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wide policies do not exist for federal workers with conduct issues. they found that 2800 people have received a total of $2.8 million. some of them have disciplinary issues within the administration there is no government policy. >> you can shoot an arrow down a federal hallway and not shoot anybody on a given day. what are the standards for performance bonuses?
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stuart: watch out everybody. liz is steamed about this. i am not joking. everybody is. government workers do this kind of thing and get bonuses for it. moving on. the number of teenagers with summer jobs down by roughly a third. that did not fit well with charles payne last night. >> they think mcdonald's is the need them. you are in 10th grade. you have a seventh grade reading level. mcdonald's is the need to you? that is interesting. stuart: let me give you a little context here. last year, 40%. here is charlie kirk.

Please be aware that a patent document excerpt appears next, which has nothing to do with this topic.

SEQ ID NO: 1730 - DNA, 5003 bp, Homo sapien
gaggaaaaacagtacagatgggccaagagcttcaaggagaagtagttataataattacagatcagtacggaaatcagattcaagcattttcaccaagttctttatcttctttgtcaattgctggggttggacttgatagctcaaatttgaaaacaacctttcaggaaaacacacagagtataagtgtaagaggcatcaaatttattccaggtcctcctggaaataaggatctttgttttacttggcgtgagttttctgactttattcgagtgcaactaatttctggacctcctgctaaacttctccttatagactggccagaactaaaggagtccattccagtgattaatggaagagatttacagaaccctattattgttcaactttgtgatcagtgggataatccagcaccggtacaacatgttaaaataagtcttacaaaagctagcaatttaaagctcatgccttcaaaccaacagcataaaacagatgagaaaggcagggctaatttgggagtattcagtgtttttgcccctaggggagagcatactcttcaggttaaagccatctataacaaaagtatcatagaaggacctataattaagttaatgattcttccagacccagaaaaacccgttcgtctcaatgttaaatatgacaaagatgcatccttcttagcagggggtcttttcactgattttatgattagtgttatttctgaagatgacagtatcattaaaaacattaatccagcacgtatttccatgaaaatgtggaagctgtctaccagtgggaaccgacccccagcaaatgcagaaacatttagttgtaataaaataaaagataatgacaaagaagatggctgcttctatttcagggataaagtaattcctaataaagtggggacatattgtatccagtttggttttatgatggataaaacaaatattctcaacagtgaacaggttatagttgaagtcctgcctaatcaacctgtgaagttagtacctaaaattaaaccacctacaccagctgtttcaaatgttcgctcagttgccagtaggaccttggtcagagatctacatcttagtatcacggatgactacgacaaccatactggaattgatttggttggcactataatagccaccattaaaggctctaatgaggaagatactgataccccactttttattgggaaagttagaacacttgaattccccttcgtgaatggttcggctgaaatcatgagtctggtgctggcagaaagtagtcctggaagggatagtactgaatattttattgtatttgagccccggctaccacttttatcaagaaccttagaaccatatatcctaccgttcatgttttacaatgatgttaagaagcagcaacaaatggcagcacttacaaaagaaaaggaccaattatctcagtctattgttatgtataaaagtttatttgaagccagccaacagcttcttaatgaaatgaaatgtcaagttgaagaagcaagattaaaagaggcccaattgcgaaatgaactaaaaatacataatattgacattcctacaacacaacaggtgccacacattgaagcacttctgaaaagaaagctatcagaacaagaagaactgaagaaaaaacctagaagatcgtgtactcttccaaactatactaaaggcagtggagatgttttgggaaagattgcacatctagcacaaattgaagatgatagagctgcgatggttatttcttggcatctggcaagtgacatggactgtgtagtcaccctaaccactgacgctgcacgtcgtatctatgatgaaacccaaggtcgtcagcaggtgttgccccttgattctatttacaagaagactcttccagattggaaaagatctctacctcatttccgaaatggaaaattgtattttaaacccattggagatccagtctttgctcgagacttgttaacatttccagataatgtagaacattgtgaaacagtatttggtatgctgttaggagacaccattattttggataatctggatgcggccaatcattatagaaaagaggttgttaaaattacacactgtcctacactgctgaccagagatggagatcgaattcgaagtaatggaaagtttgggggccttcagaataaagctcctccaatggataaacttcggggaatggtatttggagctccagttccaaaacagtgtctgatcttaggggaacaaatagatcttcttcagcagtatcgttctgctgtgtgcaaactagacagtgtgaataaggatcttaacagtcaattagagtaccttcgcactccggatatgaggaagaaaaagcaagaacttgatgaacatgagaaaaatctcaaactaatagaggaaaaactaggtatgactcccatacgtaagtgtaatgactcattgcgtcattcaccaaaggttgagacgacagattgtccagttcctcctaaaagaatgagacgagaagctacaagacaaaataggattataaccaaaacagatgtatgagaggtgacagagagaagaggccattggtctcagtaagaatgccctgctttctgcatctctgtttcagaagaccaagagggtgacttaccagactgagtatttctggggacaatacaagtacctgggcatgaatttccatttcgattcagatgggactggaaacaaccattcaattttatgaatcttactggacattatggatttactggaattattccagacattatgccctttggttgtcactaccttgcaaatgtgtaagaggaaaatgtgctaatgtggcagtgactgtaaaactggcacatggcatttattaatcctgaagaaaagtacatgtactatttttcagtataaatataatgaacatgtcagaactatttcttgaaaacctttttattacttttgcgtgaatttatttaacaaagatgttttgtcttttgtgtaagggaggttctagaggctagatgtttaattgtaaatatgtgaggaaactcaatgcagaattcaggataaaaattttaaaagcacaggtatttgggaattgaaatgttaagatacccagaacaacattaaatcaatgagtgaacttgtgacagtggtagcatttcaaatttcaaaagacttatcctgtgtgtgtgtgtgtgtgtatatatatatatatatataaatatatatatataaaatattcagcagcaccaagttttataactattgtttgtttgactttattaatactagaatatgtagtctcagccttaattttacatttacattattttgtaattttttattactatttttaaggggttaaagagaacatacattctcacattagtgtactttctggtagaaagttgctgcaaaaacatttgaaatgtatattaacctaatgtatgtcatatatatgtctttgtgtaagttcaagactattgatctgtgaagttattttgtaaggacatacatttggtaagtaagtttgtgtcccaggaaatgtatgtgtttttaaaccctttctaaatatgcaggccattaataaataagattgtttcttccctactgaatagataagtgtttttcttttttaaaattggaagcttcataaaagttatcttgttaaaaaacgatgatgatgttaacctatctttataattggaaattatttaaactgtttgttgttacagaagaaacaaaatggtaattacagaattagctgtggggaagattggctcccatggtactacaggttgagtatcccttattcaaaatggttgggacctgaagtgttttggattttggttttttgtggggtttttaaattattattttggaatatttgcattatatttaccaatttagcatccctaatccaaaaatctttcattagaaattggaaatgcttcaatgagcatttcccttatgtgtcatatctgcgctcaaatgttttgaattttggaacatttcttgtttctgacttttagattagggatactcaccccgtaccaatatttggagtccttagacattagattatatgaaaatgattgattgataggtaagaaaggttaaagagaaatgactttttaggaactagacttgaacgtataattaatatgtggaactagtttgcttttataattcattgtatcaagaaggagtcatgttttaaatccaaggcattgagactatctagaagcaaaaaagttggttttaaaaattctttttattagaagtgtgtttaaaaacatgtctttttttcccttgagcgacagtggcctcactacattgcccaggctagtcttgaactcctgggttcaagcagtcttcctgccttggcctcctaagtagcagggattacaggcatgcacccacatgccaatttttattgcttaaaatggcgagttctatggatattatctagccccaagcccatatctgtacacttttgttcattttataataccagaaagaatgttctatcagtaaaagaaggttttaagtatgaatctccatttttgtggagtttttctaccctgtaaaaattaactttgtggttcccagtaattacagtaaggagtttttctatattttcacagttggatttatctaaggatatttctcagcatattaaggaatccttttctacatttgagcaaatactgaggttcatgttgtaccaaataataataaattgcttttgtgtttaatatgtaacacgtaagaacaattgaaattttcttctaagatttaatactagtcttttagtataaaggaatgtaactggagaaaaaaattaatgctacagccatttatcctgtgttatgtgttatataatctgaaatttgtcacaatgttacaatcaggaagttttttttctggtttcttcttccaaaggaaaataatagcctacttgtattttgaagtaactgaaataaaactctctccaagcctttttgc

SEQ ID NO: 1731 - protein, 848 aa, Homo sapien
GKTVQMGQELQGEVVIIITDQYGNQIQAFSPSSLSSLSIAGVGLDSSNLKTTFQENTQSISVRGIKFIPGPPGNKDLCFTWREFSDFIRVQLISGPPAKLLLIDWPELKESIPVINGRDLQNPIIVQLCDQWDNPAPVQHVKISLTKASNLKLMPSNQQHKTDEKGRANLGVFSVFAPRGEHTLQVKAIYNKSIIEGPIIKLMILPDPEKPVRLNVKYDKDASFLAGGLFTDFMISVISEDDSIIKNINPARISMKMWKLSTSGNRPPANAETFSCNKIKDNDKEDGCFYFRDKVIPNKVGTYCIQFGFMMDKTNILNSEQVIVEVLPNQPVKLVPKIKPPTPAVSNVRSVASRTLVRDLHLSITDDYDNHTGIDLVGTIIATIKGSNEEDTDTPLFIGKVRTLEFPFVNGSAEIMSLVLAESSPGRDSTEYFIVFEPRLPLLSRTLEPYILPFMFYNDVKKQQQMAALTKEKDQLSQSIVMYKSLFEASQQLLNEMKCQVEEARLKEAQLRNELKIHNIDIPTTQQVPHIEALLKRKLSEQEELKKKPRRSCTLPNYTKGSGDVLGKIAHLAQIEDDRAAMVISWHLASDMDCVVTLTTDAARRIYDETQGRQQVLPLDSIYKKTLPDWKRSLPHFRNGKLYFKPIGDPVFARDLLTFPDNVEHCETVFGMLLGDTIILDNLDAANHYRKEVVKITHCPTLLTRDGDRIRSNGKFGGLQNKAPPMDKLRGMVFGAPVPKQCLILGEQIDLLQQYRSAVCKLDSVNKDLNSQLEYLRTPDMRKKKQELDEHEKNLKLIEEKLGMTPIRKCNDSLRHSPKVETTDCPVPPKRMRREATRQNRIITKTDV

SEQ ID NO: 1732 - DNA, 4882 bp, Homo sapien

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he is with us. charlie, charles payne used that expression that they are entitled. summer jobs are beneath them and that some are lazy. what you make of that? >> i prefer the term inactive. when in reality, work is something that we as a country should appreciate. unfortunately, less and less are going towards this. >> you just said that this attitude was learned from their parents, that would be people like me. the baby boom generation.we did?
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>> maybe through on parenting methods. the parent is the first one to take credit. we have seen an entire generation that is dan. why to get into work? it is harder than ever to get an internship. harder than ever to get a job. there is new regulations. i will not hire any more younger workers. the last 35 years, i think that has a policy for prescription towards it.
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we must raise the minimum wage. minimum wage is a tax on labor. come back and see us again real soon. >> thank you. stuart: my take on why we celebrate cinco de mayo here. here is a hint. it is all about money. ♪ (mother vo) when i was pregnant